SEATTLE -- Former Oakland Athletics strikeout thrower Rich Harden has stopped his latest and perhaps final attempt at a comeback from injuries.
The veteran right-hander who had 181 strikeouts in 148 innings during the 2008 season called Minnesota assistant general manager Rob Antony on Saturday and asked for and was granted his release from the Twins.
Harden told Antony he was done throwing live batting practice sessions because of ongoing shoulder pain. The 31-year-old right-hander had been throwing BP at the Twins' complex in Fort Myers, Fla., in an attempt to pitch for the first time in the Major Leagues since Sept. 25, 2011.
The Twins signed Harden, who started in three postseason series for Oakland and the Chicago Cubs, as a free agent last December. That was after shoulder surgery caused him to miss all of 2012.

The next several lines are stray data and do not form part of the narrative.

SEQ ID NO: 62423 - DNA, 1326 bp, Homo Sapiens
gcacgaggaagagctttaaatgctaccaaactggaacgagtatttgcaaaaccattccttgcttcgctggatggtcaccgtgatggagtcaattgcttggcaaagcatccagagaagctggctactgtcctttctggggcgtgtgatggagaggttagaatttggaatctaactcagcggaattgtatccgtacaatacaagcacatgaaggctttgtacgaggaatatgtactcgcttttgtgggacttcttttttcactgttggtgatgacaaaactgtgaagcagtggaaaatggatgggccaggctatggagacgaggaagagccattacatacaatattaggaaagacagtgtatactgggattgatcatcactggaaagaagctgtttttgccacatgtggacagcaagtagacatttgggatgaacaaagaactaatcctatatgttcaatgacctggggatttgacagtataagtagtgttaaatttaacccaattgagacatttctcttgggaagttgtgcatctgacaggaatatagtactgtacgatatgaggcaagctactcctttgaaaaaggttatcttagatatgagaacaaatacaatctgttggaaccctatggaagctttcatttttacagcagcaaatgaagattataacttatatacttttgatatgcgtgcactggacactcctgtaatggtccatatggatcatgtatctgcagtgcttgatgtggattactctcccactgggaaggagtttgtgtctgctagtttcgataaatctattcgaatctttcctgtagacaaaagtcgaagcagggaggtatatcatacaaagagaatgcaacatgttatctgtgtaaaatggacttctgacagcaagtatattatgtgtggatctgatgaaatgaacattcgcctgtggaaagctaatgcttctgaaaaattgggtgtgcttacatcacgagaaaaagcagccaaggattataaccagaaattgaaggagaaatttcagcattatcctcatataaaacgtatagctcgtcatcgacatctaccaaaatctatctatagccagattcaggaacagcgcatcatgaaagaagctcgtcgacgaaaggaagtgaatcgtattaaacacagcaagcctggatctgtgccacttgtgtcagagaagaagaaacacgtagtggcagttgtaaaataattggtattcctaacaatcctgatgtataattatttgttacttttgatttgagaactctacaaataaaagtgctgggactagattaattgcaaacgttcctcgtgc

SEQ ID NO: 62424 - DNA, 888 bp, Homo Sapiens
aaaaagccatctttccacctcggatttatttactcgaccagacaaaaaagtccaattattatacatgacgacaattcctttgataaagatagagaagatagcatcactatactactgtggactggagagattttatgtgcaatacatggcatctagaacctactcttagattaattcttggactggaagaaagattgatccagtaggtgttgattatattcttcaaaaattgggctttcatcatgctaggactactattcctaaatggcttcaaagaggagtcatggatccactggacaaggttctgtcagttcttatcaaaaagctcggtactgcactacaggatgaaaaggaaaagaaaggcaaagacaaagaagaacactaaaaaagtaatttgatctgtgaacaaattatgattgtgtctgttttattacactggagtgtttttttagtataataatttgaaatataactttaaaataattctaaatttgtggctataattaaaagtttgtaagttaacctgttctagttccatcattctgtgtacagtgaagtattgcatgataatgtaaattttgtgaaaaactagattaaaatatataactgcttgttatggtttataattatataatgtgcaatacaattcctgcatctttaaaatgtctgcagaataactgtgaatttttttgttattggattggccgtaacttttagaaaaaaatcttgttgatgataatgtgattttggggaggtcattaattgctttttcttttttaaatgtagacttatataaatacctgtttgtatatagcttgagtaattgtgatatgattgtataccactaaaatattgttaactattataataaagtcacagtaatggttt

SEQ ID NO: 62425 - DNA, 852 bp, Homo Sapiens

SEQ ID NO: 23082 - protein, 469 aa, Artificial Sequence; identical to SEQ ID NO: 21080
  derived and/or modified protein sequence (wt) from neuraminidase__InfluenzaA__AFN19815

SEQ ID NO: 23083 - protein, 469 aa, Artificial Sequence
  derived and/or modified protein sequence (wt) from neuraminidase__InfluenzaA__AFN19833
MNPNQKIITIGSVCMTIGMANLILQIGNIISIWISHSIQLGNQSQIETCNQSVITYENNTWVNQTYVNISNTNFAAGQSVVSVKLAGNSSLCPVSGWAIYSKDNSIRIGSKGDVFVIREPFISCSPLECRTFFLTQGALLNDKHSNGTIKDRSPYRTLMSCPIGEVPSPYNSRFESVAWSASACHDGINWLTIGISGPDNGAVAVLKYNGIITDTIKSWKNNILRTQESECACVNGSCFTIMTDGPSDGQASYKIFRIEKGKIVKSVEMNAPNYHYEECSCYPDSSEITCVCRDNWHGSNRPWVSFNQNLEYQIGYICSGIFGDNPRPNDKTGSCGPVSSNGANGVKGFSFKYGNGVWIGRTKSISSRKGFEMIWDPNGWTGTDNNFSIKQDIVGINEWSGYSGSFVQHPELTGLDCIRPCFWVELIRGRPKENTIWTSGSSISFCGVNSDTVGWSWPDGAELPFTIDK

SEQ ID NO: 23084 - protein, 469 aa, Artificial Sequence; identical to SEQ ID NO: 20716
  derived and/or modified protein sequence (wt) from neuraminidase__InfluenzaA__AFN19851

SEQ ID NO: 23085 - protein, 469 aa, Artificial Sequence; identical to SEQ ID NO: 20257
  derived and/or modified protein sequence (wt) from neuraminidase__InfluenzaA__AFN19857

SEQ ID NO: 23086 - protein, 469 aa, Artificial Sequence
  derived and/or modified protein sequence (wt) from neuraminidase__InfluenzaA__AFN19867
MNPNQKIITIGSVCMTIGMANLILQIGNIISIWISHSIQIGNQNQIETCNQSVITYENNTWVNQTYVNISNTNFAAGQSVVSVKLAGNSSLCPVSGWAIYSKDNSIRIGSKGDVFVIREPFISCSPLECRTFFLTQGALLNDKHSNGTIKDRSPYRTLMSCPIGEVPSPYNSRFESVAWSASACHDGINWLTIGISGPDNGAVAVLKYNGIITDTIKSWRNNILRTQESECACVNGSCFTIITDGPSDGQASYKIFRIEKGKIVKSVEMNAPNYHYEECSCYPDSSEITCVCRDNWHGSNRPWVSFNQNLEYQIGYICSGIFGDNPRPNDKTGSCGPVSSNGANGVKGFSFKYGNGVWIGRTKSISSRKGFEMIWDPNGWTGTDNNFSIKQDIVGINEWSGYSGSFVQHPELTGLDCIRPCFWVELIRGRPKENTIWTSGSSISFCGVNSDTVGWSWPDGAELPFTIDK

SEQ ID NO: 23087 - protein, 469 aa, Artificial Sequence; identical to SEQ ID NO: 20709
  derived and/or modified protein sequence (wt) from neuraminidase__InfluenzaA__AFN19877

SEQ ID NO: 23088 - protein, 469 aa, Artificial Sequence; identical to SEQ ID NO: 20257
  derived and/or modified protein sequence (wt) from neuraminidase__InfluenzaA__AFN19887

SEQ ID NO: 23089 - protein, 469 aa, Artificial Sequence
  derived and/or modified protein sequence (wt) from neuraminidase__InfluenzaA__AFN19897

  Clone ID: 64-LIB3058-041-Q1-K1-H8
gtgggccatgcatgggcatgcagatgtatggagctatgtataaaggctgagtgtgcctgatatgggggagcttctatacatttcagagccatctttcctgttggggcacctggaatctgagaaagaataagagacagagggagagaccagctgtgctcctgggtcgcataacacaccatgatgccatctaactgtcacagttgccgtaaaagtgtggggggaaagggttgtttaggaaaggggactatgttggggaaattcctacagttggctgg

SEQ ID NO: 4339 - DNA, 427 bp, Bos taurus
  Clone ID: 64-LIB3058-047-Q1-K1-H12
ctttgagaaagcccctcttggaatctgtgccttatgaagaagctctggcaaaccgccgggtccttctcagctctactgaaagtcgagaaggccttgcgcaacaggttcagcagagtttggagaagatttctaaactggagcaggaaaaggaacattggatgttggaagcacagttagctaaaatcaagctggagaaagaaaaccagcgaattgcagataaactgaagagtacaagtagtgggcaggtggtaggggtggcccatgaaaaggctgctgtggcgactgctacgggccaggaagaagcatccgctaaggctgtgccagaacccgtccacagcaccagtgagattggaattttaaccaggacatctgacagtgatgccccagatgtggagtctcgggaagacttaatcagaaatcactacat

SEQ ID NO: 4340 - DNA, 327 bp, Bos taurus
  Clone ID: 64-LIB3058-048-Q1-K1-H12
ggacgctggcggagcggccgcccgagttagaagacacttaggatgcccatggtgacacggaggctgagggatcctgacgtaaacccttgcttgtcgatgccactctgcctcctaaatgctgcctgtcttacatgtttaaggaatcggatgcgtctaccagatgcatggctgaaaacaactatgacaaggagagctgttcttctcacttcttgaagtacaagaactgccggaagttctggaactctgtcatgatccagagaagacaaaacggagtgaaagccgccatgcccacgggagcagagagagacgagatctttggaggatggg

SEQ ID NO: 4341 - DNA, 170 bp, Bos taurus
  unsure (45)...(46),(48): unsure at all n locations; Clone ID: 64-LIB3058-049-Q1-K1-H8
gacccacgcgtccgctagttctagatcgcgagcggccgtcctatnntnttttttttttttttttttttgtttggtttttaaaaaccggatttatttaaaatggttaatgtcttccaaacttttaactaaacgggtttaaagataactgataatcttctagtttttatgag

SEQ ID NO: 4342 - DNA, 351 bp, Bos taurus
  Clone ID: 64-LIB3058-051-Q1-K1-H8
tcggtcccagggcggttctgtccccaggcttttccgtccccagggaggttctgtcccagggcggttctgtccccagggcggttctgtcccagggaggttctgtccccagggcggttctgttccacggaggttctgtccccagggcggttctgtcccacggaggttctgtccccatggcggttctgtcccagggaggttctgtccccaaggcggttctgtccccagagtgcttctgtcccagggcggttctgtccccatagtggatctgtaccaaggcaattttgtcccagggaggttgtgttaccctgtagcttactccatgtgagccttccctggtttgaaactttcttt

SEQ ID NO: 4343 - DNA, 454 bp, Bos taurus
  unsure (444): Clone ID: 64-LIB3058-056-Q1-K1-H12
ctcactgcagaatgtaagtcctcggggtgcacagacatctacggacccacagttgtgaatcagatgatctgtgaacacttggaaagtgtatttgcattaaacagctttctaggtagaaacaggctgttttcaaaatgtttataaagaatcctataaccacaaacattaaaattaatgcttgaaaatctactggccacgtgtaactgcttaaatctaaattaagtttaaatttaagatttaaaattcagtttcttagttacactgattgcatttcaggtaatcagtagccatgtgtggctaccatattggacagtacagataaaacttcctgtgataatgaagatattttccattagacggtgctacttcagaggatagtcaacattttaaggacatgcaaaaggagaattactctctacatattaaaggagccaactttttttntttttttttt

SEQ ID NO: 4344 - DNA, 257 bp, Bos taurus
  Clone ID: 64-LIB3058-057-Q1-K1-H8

"He's had a lat [muscle injury], a shoulder [injury]; he's had a variety of things," Antony said in the Twins' clubhouse at Safeco Field before Sunday's series finale in Seattle. "He couldn't get healthy."
Antony said retirement was a distinct possibility for Harden, who has been the disabled list 10 times in a career that began as a 21-year-old starter for Oakland in 2003. For now, Harden will take a couple of months off from throwing to reassess his comeback chances.
Harden is 59-38 with a 3.76 ERA and 949 strikeouts in 928 1/3 career innings in seven seasons with the A's, two with the Cubs and one (2010) with the Rangers. He has been plagued by shoulder, back, trunk, elbow and latissimus dorsi injuries. The latter one cost him the first 82 games of his lone return season with Oakland in 2011.
Gregg Bell is a contributor to MLB.com. This story was not subject to the approval of Major League Baseball or its clubs.